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A boundary element method for transient diffusion

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Abstract

Transient diffusion in two-dimensional geometries is considered. It is shown how the spatial variation of the mass transfer-limited flux of a minor species varies with time from initially uniform to the non-uniform, steady-state distribution. Flux distributions on sinusoidal electrode and on a line electrode embedded in an otherwise insulating plane are considered. A boundary-element method is used to solve the problem in Laplace transform space, and the results are subsequently inverted into the time domain.

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Abbreviations

A i,j :

fitting coefficients defined by Equation 15

c :

dimensionless concentration

c :

dimensional concentration (mol cm−3)

c :

bulk concentration (mol cm−3)

D :

diffusion coefficient (cm2 s−1)

f :

functions introduced in Equation 15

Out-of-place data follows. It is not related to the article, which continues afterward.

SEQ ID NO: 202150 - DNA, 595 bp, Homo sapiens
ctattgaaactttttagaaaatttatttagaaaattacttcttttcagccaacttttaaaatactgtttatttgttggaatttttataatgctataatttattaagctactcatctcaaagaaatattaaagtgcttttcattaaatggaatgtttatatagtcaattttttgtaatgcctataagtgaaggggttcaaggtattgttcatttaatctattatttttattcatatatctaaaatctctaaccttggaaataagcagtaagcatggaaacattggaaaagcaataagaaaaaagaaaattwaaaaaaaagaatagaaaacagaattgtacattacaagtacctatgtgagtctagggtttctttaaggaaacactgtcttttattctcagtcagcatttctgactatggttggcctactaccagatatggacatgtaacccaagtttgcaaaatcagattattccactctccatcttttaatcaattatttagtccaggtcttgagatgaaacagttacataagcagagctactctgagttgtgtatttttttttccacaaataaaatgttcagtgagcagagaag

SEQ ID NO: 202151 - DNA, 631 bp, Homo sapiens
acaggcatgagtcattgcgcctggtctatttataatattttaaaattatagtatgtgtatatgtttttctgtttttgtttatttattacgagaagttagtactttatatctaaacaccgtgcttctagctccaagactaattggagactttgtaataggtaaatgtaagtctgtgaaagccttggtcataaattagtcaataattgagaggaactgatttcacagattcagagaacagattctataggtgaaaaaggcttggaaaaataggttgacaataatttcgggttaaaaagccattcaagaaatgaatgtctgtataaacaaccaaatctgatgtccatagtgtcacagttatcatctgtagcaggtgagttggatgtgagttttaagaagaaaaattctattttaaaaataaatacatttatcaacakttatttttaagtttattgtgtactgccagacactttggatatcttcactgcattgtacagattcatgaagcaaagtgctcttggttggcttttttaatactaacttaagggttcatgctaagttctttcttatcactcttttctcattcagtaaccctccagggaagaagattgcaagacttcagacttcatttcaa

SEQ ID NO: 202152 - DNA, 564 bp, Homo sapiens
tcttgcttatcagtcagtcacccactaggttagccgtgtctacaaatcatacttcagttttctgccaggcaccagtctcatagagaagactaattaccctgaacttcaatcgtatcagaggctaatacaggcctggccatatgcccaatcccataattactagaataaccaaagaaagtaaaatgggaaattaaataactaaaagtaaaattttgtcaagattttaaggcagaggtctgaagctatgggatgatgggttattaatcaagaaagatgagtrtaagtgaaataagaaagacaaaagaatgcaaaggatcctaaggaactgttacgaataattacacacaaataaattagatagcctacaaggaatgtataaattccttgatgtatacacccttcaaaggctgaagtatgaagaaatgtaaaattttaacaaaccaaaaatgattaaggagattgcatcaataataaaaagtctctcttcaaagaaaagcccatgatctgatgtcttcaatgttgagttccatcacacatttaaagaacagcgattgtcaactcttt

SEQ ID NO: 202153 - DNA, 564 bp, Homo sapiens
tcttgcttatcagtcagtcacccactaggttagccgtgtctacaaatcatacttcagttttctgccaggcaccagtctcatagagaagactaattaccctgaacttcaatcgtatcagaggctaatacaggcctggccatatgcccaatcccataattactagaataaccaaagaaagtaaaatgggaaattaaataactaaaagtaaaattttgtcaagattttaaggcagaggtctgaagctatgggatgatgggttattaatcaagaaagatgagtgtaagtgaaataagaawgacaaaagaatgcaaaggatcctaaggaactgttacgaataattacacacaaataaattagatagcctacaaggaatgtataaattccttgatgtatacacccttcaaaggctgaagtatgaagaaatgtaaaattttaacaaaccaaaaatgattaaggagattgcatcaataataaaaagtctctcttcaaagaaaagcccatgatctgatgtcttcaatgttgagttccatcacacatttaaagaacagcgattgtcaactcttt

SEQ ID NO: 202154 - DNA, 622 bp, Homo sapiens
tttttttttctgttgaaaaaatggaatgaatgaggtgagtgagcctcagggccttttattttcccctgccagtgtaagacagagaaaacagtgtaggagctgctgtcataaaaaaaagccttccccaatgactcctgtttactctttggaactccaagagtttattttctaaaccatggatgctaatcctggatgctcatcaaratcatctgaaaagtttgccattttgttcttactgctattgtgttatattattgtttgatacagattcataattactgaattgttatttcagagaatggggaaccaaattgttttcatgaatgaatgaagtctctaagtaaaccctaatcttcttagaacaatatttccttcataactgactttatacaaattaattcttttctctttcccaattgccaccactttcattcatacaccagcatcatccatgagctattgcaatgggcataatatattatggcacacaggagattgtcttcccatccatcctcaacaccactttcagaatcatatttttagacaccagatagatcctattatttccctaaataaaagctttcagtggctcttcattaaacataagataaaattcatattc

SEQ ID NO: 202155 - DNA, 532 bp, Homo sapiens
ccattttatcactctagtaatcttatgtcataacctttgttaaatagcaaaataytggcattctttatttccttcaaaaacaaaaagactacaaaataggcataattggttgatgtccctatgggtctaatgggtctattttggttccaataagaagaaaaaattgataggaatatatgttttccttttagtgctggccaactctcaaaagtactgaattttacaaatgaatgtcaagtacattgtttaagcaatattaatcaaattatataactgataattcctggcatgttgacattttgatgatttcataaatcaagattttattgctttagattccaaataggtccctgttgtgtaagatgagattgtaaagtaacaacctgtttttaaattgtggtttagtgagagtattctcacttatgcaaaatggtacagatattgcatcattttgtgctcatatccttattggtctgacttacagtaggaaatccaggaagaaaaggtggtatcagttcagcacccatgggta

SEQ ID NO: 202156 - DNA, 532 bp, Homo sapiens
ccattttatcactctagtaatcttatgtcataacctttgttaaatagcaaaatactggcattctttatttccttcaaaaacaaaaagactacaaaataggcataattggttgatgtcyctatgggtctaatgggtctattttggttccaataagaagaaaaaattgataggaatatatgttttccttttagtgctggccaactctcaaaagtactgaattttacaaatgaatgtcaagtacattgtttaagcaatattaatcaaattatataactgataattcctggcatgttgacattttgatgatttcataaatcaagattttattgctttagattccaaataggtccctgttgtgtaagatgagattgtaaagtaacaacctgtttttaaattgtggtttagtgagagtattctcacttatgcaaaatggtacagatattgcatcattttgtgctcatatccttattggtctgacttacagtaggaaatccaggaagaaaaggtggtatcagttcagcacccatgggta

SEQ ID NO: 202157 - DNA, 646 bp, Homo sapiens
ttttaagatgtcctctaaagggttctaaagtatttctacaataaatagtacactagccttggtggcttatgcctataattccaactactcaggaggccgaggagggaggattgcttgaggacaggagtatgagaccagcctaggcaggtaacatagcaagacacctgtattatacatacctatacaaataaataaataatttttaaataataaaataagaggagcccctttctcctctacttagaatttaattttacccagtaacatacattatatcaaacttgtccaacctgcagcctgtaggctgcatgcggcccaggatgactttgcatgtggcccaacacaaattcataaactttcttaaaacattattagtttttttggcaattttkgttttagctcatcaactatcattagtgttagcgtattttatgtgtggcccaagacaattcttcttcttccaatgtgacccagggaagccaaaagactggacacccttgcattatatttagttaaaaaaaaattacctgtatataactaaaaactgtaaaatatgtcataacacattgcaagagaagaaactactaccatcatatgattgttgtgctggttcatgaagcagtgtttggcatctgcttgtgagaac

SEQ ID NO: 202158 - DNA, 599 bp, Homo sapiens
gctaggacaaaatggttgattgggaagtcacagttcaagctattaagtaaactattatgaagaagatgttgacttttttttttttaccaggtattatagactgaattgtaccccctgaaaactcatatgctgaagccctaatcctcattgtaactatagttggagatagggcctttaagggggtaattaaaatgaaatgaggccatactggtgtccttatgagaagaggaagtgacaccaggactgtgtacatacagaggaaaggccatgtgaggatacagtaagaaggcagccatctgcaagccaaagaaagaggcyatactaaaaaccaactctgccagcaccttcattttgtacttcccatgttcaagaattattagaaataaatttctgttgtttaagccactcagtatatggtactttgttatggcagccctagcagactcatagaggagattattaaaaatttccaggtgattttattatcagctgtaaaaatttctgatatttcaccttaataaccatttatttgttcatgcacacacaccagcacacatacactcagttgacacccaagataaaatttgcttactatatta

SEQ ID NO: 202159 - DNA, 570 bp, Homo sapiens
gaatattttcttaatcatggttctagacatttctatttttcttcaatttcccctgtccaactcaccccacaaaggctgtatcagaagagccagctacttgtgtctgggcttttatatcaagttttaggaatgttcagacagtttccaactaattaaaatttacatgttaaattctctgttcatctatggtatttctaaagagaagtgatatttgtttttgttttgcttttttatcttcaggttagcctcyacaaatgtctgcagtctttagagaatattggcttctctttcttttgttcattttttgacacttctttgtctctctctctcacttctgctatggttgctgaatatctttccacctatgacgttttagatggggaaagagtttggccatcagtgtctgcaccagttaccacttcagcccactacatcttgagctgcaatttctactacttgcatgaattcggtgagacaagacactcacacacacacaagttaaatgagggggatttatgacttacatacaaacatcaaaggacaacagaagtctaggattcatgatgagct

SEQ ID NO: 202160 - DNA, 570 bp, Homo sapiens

f :

Laplace transform of function introduced in Equation 15

g :

Green's function for modified Helmholz equation

K 0, K 1 :

modified Bessel functions of the second kind of order zero and one

n i :

number of node points used in BEM calculation

N :

number of values of s used in simulations

r :

dimensionless distance, defined by Equation 8

s :

Laplace transform variable, defined by Equation 5

q :

dimensionless flux normal to the electrode

q :

Laplace transform of the dimensionless flux normal to the electrode

t :

time (s)

y, z :

dimensionless cartesian coordinates

ž, tŷ :

dimensional cartesian coordinates (cm)

z :

generic interpolation function

α:

geometric parameter

βi :

curve-fitting parameter used in exponential functions

ε0 :

amplitude of sinusoidal roughness (cm)

Γ:

boundary of computational domain

λ:

wavelength of sinusoidal roughness (cm)

σ:

dimensionless arc length

τ:

dimensionless time

π:

3.1415926...

ζ:

path of integration

avg:

average

max:

maximum

min:

minimum

q:

point at which the concentration (or gradient) is determined

ss:

steady-state

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West, A.C., Matlosz, M. A boundary element method for transient diffusion. J Appl Electrochem 24, 261–267 (1994). https://doi.org/10.1007/BF00242894

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Keywords

  • Physical Chemistry
  • Spatial Variation
  • Boundary Element
  • Boundary Element Method
  • Flux Distribution